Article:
Highlights from the Gender Summit 9 Europe

New tools, New successes, Remaining gaps

There is much positive news to report from the presentations and discussions that took place at the Gender Summit 9 Europe, in Brussels on 8-9 November 2016. In this blogpost, we want to draw your attention first to the several practical and effective tools now available to support gender equality actions in institutions to improve existing processes and practices. Also, we can report on examples of real improvements made and the emerging convergence of efforts to share experiences; and, in particular, the new efforts and approaches to improve reliability and scope of STEM gender equality indicators not only in research but also in innovation and socio-economic development. You can access almost all the presentations, posters and the photos of the event at via the GS9Eu Programme page. Here we draw your attention to the following:

1. Guidelines for Gender Mainstreaming: Academia developed and extensively tested by the Swedish Secretariat for Gender Research, and ready to use.
2. The GEAR Action Toolkit for implementing Gender Equality Plans, developed by EIGE, which builds on the experience of several EU-funded projects that have implemented GEPs in research and higher education organisations.
3. SciDEV training courses on intergrating gender into your scientific research, launched at the Summit by Director, Nick Perkins, produced for researchers and science communicators working development, designed to show how to promote gender awareness in research practice and uptake in science communication and advocacy.
4. Implicit gender bias video developed by Centres de Recerca de Catalunya explaining how implicit bias can demonstrate itself and influence panel recruitment decisions. The video was part of the presentation on Practicing Excellence in the European Research Council (ERC) Panels from Helene Schiffbaenker.
5. How to increase applications for research grants from women - a much-welcomed example of a successful method developed by Science Foundation Ireland presented by its Director General, Mark Fergusson.
6. Improving quality of STEM gender equality indicators – a topic that included the UNESCO’s SAGA project presented by Martin Schaaper, Chief of UNESCO Statistics Institute; the latest She Figures, presented by David Campbell, Chief Scientist at Science Metrix; Nordic She Figures, presented by Lotta Strandberg, Senior Adviser at Nordforsk; analytics for extracting gender indicators from published sources, presented by Rachel Herbert, Senior Analyst at Elsevier Analytics; and measuring STI gender gaps in Latin America, presented by Matteo Grazzi, Senior Economist at InterAmerica Development Bank.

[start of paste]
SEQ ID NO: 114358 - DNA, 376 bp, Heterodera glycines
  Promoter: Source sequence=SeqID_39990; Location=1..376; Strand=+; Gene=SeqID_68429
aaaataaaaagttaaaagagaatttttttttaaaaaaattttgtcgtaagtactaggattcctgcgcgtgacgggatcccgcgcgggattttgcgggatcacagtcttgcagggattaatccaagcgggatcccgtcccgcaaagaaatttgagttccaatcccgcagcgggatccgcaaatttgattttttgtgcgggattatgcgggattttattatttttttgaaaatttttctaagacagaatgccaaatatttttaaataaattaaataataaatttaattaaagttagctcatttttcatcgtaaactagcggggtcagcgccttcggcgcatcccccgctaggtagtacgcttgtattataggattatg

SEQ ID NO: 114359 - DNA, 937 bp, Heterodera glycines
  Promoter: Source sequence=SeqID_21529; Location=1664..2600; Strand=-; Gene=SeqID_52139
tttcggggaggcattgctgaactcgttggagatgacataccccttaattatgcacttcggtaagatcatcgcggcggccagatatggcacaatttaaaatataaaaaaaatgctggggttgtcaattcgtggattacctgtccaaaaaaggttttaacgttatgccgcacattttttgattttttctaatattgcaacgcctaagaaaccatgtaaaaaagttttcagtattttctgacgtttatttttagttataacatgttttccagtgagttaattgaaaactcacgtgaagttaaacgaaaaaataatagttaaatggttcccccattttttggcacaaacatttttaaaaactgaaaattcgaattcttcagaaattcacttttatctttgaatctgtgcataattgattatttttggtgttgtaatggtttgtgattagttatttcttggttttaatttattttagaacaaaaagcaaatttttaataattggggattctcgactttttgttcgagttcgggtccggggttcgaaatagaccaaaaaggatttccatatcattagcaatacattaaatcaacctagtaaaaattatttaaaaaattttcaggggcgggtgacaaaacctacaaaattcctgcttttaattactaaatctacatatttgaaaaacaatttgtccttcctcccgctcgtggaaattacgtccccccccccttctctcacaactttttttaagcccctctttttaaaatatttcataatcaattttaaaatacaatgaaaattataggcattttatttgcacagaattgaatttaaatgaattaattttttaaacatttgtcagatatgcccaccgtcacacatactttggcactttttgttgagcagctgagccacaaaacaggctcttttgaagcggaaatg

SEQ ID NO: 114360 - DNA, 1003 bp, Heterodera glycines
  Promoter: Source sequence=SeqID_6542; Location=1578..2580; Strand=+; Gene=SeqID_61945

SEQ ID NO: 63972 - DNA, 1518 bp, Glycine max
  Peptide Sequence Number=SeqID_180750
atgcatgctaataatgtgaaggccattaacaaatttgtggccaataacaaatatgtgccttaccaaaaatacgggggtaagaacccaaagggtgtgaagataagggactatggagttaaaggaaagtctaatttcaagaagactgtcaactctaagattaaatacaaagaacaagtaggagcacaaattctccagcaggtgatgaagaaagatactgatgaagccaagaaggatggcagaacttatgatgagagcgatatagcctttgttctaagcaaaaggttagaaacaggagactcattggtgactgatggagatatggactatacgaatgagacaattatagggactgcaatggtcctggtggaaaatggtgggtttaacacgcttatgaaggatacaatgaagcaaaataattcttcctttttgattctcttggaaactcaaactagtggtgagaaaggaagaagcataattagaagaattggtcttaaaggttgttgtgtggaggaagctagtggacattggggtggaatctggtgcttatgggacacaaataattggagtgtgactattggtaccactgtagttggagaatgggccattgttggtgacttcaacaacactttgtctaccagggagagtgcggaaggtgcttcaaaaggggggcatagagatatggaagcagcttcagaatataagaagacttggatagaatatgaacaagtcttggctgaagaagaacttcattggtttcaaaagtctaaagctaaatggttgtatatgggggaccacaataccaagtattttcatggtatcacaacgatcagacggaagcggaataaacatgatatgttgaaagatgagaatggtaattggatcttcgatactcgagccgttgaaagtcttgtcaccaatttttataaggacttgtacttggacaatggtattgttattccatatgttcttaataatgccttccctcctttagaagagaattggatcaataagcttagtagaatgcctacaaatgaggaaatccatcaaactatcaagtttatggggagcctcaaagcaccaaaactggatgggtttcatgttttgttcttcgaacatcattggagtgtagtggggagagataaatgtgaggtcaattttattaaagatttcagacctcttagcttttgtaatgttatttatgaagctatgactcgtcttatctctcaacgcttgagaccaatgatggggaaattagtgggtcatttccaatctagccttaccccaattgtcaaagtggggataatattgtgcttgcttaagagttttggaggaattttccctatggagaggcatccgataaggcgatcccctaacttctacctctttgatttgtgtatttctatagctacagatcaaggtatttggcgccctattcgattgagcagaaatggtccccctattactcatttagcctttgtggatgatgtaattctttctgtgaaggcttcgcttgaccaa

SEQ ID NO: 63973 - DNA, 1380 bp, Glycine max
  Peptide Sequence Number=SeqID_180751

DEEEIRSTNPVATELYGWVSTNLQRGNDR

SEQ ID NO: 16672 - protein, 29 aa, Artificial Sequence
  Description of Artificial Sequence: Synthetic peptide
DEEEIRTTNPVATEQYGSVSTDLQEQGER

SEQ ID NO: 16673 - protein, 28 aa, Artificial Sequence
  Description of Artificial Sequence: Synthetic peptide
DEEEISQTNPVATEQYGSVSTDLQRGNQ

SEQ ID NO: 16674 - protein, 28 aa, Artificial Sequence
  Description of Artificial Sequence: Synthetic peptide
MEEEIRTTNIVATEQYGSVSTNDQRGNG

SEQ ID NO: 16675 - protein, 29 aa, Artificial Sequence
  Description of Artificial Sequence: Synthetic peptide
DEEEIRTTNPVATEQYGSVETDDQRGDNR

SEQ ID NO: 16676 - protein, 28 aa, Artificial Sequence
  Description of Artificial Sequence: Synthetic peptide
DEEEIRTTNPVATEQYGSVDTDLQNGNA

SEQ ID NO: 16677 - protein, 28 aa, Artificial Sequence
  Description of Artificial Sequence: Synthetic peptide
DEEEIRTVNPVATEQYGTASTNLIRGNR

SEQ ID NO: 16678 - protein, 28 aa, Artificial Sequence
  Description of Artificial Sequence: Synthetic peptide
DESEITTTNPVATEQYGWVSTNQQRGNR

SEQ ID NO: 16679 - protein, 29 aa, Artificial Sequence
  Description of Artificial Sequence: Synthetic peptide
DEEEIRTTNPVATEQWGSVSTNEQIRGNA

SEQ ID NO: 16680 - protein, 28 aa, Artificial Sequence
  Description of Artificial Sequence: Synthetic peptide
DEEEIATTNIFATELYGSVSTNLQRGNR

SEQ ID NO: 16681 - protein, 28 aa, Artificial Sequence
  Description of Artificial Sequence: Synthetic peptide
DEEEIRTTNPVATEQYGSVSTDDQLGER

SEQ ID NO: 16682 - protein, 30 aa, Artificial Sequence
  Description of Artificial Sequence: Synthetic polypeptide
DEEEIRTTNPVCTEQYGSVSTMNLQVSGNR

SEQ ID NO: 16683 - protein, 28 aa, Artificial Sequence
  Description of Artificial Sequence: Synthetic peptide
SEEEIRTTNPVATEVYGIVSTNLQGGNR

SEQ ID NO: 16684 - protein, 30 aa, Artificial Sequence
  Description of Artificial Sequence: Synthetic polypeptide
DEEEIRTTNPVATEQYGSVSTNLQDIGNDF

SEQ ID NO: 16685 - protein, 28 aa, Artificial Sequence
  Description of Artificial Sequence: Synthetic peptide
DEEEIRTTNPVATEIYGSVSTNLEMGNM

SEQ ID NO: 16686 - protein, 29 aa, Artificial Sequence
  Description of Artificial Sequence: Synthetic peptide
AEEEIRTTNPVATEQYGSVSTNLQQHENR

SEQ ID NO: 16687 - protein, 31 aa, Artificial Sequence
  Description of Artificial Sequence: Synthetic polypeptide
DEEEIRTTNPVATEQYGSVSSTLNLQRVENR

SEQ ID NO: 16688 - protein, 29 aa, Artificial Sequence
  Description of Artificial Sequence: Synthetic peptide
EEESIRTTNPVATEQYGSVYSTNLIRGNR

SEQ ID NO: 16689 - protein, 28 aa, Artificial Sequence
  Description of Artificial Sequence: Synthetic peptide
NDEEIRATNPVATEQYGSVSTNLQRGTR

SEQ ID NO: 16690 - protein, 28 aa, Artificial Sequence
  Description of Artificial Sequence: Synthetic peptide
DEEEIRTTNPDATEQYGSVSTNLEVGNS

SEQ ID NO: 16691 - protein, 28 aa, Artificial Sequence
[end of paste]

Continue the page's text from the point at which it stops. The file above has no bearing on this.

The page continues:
From the feedback we received, three topics have emerged where a continuing dialogue to share knowledge and experience would be particularly useful
• Improving STEM gender equality indicators, including for innovation, e.g. to improve Innovation Union Score Card; make EIT more gender friendly, and help increase the number of women nominated for the Millennium Technology Prize
• Developing and implementing gender equality measures for fair advancement in STEM careers – to share and agree what works and what does not; and avoid repetitions of mistakes or duplications of effort
• Bringing closer together the already available within EU mechanisms for structural change: e.g. GEPs, EURAXESS, HRS4R, Code of Practice for Research to create greater synergy and impact.

We are establishing practical ways in how the Gender Summit platform can support such dialogue in between the summit events, working, in particular, with the GenPORT portal, www.genderportal.eu.

We thank those who contributed to the GS9Eu as speakers, chairs and attendees for helping make the programme and the discussions so interesting and well focused, and all of you who subscribe to this Newsletter. Special thanks go to the members of the European Parliament’s FEMM Committee who hosted the first part of GS9Eu at the amazingly impressive Hemicycle. The added value of this action was that since public are allowed to observe proceedings at the Hemicycle from the gallery, the audience included perhaps 100 or more EU citizens, with many men and young people! You can now download the report from GS9 to the European Parliament and the European Commission.

Dr Elizabeth Pollitzer
Gender Summit co-founder

contact: team@gender-summit.com

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